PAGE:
I like that it that way, it’s cool, uncomplicated and it’s interesting to hear other people sing your songs.

If I’m collaborating with someone we’d usually start something from scratch or maybe use a really ruff idea off a phone or something.

Sometimes the other person might have an idea they’ve been working on and we’re both into it we’ll work on that.
In The Open that I wrote with Benjamin Francis Leftwich was like that, he already had the idea and and some of the melody so I mainly did the lyrics and a some arranging.

TLE: What do you consider to be your best work?

Howie: What I’m doing now.

To delve a little deeper check out the links below.




Until Such Time – the ‘Eye

The Eyelet #4 SUNDOWNERS


After some debate we decided to put the Sundowners in the Eyelet and not Eye to Eye. Why? Because we gonna give them some time on the road to gather some tales to be told.

So until such time comes this feature gives us an excuse to point you in the direction of sounds that are currently wafting in and out of our ear holes and the Sundowners have been doing just that.

Currently supporting Mr James Skelly, which comes as no surprise as the Sundowners lead guitarist and one of the singers are James’ siblings. The drummer is also a ‘Sharrock’,

The Sundowners are: Lead Guitar – Alfie Skelly, Vocals/Rhythm Guitar – Niamh Rowe, Vocals/Rhythm Guitar – Fiona Skelly, Bass Guitar – Tim Cunningham and Drums – Jim Sharrock . Nepotism aside they have what it takes to be performing at this level. Check the links below to delve a little deeper…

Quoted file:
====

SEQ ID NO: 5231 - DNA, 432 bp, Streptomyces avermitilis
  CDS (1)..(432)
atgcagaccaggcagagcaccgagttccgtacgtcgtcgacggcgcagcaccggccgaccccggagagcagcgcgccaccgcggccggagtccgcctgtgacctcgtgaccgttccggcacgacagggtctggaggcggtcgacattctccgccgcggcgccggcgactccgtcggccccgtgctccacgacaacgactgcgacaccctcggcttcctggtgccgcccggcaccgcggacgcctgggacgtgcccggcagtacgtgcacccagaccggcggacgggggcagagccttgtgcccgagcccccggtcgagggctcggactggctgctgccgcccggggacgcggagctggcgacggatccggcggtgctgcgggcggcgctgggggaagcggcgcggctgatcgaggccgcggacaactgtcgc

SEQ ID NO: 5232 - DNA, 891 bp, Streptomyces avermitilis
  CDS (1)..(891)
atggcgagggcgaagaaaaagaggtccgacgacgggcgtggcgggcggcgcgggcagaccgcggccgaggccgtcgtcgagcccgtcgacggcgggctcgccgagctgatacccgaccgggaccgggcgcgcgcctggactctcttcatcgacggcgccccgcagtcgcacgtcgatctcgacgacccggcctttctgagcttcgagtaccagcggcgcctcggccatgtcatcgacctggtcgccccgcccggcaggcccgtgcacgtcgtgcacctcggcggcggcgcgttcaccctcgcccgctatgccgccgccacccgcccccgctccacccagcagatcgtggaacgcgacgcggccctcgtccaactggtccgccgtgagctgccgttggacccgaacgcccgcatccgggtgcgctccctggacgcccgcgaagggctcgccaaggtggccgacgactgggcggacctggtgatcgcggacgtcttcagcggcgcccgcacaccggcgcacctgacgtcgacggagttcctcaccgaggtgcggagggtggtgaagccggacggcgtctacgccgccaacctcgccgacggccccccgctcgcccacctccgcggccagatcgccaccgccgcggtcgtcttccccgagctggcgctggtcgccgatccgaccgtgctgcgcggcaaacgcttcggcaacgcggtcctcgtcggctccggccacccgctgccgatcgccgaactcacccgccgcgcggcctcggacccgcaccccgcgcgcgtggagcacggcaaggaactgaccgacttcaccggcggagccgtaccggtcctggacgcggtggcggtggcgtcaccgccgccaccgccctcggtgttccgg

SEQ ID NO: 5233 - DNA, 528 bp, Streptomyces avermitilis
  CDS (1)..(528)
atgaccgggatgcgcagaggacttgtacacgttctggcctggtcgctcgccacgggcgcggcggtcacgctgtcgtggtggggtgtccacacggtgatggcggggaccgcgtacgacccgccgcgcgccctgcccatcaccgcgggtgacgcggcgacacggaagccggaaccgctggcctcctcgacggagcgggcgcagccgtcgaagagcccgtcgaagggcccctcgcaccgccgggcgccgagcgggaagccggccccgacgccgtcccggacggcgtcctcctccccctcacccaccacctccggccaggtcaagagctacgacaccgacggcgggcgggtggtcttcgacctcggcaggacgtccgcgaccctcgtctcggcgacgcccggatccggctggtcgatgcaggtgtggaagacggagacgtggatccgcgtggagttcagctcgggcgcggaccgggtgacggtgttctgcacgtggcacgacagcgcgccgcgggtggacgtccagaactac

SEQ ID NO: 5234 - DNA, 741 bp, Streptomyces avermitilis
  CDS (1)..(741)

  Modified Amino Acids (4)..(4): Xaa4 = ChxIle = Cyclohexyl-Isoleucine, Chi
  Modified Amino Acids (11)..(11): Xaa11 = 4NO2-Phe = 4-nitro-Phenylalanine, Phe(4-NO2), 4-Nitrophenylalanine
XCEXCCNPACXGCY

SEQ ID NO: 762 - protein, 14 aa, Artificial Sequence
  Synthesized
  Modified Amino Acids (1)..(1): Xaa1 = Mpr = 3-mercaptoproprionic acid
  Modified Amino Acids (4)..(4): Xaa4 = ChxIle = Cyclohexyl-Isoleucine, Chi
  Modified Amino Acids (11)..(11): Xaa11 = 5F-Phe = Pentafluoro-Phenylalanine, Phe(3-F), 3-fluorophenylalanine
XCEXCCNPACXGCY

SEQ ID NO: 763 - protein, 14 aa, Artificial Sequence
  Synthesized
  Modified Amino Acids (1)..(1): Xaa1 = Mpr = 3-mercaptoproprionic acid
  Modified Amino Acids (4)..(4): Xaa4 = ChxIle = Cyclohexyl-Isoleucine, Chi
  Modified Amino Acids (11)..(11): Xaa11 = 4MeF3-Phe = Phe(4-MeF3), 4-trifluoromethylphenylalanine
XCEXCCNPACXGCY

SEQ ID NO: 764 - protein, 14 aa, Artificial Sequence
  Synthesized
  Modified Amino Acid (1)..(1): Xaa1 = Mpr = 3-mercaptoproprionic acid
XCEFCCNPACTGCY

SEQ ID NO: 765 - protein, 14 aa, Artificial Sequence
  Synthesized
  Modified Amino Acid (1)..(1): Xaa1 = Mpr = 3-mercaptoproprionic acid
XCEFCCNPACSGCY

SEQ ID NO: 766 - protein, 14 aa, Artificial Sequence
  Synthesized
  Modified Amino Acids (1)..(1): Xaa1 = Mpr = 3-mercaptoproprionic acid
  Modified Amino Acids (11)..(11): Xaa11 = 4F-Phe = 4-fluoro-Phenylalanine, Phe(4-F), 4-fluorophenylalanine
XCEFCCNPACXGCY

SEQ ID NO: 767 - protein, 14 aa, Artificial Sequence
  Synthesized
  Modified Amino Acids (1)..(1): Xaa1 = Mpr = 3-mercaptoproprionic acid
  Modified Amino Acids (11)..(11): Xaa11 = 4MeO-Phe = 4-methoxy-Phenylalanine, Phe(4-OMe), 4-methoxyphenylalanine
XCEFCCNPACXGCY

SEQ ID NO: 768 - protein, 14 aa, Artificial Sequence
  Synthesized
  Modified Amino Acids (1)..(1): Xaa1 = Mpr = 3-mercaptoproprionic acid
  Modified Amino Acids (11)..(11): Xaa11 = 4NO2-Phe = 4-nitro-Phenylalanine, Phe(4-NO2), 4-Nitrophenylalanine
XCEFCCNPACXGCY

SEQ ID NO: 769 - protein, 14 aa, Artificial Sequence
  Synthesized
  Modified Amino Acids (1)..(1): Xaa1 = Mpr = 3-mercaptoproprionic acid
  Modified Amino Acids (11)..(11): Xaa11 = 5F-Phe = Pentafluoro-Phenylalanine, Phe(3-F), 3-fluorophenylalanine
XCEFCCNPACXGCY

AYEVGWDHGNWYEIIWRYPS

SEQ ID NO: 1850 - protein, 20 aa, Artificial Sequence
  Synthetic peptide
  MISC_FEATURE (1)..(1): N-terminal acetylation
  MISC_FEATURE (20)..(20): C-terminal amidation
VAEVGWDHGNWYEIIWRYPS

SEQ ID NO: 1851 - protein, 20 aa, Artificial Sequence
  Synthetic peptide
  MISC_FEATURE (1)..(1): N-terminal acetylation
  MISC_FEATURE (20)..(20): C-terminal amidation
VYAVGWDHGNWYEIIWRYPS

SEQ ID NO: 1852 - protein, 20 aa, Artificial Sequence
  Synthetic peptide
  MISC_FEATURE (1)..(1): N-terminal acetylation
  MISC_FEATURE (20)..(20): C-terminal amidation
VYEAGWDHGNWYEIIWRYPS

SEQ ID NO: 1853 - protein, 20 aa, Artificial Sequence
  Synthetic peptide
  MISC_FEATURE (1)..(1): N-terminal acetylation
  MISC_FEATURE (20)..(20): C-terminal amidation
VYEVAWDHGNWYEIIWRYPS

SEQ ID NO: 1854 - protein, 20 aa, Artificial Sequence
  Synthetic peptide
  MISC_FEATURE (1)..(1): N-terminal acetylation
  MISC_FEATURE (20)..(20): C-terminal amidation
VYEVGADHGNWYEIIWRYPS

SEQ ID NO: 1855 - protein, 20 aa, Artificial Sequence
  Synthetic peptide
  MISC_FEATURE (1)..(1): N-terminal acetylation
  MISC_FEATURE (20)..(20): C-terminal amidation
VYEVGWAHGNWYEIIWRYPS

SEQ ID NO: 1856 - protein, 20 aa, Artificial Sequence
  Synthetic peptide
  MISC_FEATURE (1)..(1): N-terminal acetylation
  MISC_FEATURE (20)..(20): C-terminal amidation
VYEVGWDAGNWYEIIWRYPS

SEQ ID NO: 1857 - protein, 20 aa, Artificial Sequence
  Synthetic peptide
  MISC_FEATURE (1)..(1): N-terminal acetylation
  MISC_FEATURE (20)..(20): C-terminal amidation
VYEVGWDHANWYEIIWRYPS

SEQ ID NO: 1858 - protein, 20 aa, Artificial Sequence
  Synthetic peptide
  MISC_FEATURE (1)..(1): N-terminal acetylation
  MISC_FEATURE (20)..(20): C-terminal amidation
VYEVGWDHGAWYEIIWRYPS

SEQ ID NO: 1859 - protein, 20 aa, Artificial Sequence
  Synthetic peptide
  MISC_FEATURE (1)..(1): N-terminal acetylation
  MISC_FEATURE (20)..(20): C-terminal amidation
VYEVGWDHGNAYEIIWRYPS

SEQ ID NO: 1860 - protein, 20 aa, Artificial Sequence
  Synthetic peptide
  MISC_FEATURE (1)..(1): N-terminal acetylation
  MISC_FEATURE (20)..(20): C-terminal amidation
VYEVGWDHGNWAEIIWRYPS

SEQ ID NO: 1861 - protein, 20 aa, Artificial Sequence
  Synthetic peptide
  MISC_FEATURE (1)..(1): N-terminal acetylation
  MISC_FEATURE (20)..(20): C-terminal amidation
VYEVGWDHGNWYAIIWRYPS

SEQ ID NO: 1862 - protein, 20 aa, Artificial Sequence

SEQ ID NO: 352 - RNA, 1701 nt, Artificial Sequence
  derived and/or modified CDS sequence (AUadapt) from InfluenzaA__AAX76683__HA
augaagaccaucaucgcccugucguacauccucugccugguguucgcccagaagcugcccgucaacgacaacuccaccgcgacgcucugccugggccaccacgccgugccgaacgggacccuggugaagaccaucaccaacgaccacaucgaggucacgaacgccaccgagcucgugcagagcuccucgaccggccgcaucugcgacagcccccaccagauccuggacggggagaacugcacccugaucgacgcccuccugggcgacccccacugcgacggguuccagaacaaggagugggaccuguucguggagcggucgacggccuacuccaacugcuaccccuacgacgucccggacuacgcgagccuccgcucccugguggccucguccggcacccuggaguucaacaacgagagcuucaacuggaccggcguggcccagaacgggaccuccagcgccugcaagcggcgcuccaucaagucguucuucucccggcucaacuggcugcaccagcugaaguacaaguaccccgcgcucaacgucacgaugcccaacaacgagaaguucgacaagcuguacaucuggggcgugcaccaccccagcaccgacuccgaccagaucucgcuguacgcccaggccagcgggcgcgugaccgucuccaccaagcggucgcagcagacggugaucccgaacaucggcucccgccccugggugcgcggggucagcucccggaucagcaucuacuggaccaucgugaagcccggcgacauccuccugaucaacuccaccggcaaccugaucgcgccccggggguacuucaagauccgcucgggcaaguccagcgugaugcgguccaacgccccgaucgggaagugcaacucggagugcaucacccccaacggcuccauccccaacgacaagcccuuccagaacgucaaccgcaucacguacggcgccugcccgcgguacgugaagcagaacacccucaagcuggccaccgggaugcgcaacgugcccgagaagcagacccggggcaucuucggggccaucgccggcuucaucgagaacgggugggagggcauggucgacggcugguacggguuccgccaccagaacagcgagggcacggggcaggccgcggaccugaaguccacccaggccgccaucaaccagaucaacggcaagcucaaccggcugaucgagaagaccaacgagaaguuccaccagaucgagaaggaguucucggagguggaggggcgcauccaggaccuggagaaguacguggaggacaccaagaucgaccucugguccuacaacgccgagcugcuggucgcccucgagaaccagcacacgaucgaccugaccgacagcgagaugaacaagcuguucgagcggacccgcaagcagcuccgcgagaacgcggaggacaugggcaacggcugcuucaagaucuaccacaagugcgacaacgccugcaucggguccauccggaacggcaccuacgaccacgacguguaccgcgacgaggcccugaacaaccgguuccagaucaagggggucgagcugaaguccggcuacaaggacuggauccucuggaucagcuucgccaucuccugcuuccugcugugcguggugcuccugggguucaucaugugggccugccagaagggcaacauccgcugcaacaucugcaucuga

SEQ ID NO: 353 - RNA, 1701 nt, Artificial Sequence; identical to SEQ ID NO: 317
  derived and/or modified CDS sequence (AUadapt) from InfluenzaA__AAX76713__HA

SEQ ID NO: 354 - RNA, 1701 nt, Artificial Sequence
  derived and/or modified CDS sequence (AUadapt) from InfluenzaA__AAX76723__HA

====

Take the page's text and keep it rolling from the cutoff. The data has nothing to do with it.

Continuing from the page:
Eye to Eye #6 STEVE MASON (the Beta Band)

steve mason

King Biscuit Time, Black Affair, SteXiS and another band you may’ve heard of….the Beta Band? It’s not often you get artists like Steve Mason, who remain cult yet mainstream and who continue to make great music after being in such a seminal band. After being in The Beta Band it’s not about living up to what you’ve done, it’s about continuing the journey…

Steve kindly answered a few questions for us.

TLE: What are you listening to at the moment?

Steve: New track by Petula Clark called Cut Copy Me and Vacuum Cleaner by Tintern Abbey.

TLE: What’s the most Rock and Roll situation you have found yourself in? 

Steve: Playing in Vegas in 1999 we sold 1 ticket, cancelled the gig and went on the razz for 2 days. Bumped into Ice-T in the lift and told him what we had done and why. His parting words were “stay stoopid man”. Bizarrely there are many many Beta Band rock n roll tales. We were nuts, just kept it quiet.

TLE: What’s been your favourite gig so far and why?

Steve: Probably the last time I played, which was Village Underground in London. It was a step up from the last time I played there in terms of capacity and I got a bottle thrown at me for laughing about Thatchers death. It’s nice to feel your moving forward!